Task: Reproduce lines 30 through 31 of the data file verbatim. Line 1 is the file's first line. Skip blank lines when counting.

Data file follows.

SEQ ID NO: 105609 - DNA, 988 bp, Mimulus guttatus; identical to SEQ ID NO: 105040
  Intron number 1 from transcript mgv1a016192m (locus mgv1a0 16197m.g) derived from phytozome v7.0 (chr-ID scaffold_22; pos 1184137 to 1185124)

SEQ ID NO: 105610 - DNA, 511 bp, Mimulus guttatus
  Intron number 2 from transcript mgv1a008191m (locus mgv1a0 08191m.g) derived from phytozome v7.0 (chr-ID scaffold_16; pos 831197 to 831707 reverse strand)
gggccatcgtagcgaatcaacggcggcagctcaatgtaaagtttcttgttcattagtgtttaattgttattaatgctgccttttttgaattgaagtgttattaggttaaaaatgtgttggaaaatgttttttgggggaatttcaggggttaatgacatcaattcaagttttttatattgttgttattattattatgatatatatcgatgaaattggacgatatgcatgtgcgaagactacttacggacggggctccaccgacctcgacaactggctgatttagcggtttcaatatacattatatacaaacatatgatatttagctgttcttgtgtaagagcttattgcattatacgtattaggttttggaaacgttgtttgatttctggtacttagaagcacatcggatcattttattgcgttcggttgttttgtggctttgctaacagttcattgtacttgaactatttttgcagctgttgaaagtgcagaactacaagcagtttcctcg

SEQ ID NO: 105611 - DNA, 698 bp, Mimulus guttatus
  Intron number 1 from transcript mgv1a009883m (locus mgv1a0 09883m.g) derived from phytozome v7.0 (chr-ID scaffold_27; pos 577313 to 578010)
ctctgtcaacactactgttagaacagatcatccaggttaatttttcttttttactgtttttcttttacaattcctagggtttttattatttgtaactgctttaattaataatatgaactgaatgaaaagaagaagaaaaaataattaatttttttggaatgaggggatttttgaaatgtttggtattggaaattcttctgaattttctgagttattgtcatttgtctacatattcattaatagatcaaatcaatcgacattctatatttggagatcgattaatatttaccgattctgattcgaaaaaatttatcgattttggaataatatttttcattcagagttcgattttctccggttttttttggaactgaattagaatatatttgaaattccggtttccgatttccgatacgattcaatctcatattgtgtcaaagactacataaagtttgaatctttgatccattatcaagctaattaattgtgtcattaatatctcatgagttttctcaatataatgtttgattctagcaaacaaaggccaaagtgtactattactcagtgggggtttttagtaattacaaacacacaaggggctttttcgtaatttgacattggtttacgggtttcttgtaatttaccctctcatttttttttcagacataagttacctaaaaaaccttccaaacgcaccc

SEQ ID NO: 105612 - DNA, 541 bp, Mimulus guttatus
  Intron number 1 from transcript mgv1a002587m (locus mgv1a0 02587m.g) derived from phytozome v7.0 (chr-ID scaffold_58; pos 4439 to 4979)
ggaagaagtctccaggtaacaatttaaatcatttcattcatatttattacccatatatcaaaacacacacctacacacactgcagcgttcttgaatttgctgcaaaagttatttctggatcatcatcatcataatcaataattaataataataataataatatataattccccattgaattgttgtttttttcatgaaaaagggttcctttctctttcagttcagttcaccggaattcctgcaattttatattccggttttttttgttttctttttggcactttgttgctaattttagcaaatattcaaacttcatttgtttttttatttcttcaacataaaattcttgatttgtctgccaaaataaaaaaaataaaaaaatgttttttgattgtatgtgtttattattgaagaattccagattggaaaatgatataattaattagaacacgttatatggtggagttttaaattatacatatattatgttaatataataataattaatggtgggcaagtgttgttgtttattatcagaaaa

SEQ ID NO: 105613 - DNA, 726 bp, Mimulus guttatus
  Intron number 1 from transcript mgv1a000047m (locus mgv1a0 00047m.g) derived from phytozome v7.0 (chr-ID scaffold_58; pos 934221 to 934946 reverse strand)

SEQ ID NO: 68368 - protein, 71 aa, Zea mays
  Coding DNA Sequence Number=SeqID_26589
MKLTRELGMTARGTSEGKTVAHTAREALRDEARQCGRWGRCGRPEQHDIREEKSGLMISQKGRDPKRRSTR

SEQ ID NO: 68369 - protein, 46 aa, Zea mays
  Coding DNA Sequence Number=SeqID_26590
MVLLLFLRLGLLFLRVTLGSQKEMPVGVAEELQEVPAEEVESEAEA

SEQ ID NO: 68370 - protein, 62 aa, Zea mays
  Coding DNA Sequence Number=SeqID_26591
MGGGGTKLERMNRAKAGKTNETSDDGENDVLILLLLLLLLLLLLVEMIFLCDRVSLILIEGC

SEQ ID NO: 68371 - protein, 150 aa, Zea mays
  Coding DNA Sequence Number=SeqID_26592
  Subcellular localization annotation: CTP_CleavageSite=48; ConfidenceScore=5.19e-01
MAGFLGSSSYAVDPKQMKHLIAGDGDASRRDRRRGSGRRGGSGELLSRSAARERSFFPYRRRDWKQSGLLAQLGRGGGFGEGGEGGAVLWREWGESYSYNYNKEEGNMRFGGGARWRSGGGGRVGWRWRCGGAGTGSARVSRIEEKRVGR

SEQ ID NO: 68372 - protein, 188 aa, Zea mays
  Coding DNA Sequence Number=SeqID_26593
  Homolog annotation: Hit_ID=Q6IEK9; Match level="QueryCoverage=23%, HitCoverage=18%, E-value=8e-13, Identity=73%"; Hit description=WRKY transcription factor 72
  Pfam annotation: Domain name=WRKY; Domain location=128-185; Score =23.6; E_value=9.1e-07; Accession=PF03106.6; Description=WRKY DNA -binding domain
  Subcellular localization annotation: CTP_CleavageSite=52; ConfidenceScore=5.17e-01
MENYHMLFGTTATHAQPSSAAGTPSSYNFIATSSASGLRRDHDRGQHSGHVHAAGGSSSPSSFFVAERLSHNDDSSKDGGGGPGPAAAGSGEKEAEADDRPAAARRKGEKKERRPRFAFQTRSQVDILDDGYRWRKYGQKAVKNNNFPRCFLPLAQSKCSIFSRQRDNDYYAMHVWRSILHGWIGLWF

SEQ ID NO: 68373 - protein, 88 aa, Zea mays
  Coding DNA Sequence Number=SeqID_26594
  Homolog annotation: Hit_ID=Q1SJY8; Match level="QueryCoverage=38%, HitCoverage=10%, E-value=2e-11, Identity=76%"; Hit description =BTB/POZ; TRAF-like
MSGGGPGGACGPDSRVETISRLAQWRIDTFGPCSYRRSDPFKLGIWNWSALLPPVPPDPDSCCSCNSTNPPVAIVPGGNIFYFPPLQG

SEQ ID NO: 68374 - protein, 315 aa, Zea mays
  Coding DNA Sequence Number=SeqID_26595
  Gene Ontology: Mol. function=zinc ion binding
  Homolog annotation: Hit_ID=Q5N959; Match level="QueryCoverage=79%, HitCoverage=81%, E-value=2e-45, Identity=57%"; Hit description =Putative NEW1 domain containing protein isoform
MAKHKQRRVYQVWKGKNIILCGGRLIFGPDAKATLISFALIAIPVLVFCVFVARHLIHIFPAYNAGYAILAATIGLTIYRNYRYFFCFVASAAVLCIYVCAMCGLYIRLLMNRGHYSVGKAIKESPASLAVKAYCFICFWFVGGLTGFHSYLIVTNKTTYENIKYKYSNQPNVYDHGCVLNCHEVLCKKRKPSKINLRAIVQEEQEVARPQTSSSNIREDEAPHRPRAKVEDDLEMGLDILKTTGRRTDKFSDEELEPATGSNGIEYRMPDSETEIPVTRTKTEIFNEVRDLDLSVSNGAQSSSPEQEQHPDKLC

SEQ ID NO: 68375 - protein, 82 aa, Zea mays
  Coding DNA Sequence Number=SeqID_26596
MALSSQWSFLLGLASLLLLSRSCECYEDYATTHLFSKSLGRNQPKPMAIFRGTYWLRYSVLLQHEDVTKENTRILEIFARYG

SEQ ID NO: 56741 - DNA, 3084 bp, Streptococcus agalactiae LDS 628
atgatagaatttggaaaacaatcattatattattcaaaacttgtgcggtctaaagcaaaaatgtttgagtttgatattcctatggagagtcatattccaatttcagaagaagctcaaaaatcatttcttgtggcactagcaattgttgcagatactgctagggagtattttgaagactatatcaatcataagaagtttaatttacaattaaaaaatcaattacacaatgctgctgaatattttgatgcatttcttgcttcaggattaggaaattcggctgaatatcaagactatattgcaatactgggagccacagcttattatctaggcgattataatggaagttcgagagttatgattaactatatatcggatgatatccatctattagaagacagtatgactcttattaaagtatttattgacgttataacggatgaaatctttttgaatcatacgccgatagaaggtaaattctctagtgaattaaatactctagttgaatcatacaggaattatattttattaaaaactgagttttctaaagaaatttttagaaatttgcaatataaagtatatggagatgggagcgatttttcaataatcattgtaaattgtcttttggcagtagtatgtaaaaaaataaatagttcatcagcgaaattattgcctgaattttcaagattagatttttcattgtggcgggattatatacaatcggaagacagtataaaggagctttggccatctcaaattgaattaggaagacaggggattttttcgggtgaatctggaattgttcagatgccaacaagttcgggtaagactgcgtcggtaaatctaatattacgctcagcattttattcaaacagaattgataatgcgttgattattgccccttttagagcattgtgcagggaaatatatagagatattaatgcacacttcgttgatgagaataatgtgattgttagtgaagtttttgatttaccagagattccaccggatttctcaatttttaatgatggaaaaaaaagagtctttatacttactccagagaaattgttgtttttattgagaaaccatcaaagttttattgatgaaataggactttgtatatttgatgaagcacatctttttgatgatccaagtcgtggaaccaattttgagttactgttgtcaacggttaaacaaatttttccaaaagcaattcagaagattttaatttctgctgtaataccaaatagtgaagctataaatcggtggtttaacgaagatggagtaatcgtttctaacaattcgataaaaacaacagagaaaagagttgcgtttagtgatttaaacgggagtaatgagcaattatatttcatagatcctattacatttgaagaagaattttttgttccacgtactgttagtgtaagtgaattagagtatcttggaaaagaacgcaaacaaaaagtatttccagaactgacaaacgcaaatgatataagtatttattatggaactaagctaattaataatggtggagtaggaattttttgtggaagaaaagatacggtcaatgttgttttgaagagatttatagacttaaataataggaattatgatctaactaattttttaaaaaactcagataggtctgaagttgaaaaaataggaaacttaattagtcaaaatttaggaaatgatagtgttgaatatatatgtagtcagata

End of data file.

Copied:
  Pfam annotation: Domain name=WRKY; Domain location=128-185; Score =23.6; E_value=9.1e-07; Accession=PF03106.6; Description=WRKY DNA -binding domain
  Subcellular localization annotation: CTP_CleavageSite=52; ConfidenceScore=5.17e-01